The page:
Zooming into learning

Online tools are making continuation of classes possible, despite shelter-in-place order.


Audra Dawkins

A freshman art class observes a demonstration by art teacher Malisa Suchanya on Zoom. Students will continue to learn digitally in the coming weeks.

Gabrielle Guido, Senior Reporter

This story was updated on March 19, 2020 at 12:30 p.m. and revised for clarity.

After Monday’s shelter-in-place announcement for Bay Area citizens to prevent the spread of COVID-19 by restricting outings to essential trips, students are finding themselves at home, video conferencing into digital classrooms. 

Students and teachers are meeting online via Zoom, a digital conference application, much like a normal school day, with 70-minute classes, 9 a.m. to 3 p.m., Tuesday through Friday. Mondays are teacher preparation days, according to President Ann Marie Krejcarek.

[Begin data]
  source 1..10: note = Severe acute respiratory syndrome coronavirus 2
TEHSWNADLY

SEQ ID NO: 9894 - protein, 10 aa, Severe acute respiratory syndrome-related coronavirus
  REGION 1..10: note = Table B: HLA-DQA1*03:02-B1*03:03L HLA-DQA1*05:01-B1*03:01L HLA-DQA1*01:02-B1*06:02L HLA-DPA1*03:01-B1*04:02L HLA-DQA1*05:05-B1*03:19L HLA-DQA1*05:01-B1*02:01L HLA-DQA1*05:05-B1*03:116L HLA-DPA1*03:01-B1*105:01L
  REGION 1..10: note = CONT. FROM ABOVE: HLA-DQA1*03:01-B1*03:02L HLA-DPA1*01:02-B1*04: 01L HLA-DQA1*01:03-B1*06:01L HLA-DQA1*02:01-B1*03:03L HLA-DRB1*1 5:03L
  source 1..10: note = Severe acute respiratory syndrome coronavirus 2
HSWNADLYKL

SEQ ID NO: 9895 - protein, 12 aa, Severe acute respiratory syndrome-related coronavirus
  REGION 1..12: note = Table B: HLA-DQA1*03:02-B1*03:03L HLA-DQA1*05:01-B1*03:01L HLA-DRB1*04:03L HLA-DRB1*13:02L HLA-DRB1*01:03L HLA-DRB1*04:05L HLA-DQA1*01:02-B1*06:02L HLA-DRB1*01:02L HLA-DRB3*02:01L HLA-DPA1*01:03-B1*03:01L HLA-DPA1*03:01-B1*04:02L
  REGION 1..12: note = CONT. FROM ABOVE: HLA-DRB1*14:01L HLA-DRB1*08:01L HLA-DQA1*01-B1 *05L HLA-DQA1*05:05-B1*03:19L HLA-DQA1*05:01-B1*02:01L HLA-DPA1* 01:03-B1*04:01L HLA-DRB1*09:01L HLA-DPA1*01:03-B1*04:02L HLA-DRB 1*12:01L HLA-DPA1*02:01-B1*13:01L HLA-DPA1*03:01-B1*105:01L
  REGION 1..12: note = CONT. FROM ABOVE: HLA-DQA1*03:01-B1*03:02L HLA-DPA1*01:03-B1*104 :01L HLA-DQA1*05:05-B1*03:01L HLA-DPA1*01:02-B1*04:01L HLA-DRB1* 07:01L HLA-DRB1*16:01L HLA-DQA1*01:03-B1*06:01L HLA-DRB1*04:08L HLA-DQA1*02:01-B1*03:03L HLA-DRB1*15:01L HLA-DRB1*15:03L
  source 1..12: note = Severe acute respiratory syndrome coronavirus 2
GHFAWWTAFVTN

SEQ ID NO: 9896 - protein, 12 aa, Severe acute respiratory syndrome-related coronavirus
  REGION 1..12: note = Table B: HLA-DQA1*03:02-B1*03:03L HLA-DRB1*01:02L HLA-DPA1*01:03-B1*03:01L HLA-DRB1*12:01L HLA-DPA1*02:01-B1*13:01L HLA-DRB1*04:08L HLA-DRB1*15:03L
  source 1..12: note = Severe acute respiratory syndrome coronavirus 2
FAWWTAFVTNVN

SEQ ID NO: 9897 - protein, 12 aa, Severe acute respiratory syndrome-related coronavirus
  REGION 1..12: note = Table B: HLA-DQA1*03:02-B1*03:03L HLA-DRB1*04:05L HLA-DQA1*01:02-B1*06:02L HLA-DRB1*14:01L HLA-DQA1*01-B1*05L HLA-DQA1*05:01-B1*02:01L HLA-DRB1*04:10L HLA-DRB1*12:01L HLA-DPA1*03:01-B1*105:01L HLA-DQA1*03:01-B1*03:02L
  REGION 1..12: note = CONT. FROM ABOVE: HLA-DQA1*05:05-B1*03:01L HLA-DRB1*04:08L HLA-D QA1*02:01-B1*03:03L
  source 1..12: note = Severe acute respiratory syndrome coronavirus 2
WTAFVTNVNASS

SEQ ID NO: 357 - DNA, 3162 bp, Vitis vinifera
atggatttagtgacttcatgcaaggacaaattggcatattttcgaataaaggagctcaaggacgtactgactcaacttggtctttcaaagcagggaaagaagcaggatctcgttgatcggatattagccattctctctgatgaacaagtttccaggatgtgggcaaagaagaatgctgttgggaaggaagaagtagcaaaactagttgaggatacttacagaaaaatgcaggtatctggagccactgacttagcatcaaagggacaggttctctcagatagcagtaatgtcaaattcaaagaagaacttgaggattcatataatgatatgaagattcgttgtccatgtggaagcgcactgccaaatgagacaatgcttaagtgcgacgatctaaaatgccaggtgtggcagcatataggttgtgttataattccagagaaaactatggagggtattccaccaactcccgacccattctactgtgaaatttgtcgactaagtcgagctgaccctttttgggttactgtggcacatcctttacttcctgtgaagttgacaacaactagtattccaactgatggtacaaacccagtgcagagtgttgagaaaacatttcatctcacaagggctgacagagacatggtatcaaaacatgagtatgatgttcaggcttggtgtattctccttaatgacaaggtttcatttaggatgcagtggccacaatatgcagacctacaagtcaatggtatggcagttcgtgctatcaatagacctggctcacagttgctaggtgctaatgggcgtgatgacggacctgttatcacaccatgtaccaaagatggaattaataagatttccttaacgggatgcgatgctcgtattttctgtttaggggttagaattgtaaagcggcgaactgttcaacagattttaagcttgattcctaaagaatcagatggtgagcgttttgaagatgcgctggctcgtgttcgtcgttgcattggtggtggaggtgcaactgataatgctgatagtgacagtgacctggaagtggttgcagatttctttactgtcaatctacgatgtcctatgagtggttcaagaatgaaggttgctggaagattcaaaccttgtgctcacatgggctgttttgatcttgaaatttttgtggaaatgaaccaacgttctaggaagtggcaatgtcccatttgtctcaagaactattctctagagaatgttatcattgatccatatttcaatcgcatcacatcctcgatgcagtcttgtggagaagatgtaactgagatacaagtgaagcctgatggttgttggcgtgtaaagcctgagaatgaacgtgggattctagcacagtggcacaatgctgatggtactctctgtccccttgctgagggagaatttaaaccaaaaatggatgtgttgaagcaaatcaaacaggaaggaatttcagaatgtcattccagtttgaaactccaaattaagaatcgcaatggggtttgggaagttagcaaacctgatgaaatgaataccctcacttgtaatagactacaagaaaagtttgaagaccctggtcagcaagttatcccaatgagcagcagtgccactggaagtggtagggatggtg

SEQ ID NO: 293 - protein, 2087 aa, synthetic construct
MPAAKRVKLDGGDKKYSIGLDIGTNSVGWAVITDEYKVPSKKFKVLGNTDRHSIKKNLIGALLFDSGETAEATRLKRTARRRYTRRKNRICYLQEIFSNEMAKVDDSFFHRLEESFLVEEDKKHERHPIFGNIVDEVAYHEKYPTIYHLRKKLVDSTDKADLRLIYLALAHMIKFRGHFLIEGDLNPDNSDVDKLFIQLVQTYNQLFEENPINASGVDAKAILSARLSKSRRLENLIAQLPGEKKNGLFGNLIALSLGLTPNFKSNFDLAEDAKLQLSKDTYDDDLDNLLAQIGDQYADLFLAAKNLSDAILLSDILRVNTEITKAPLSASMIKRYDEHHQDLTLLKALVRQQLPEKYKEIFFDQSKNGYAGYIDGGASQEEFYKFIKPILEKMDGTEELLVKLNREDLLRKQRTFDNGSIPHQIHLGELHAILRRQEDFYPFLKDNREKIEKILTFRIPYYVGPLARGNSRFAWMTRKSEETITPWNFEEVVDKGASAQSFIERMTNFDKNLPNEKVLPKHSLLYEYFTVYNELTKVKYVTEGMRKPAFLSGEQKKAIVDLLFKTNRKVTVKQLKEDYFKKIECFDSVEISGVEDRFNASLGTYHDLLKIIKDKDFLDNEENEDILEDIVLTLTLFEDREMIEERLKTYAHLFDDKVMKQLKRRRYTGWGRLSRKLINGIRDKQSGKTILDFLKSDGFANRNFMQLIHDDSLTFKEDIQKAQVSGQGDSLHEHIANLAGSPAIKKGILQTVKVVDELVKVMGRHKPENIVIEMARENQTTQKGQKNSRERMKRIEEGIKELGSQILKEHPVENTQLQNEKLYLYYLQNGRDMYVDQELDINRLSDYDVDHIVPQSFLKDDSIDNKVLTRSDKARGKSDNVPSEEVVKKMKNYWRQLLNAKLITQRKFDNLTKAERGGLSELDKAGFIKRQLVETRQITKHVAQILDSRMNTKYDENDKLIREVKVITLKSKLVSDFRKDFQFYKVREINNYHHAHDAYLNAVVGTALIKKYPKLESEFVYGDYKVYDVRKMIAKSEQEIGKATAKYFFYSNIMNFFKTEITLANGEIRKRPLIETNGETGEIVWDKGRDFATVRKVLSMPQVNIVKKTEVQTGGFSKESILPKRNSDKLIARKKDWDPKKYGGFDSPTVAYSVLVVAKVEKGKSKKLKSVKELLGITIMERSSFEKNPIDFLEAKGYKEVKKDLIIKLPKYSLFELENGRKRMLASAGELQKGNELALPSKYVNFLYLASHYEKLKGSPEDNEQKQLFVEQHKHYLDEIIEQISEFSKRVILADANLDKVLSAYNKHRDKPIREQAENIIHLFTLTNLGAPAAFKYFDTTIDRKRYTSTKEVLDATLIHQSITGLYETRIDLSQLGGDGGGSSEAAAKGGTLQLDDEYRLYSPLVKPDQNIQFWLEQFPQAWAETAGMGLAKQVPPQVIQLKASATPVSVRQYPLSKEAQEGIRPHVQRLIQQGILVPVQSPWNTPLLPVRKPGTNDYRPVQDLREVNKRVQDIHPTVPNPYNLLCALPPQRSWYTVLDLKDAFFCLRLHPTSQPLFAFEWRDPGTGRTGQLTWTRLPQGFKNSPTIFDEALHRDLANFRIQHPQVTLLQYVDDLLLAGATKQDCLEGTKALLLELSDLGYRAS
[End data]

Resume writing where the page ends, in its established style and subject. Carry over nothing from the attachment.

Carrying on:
“I’m missing people in person because it’s just not as connective for me,” English teacher Julia Arce said. “But I’ve enjoyed how open, receptive and professional my students have been.”

Links to classes are sent through email or found on the LMS pages of individual classes, making them easily accessible to the student body. 

“Navigating Zoom was not as hard as I thought it was going to be because the interface was very clear,” freshman Audra Dawkins said. “I enjoyed my first day because there was no commute time, but it was challenging to create one-on-one time with the teacher.”

Although learning online is an adjustment in place of physically attending classes, there are features allowing students to “raise” their digital hands, have breakout sessions with smaller groups of students, and chat with fellow participants. 

“It was really easy to communicate with teachers and focus just on them as everyone else was able to be muted,” junior Ella Holliday said. “I am looking forward to doing more group projects because that will be interesting and new online.”

“I’m very impressed by the attentiveness of the students,” Arce said. “I think students were able to adjust and navigate really easily.”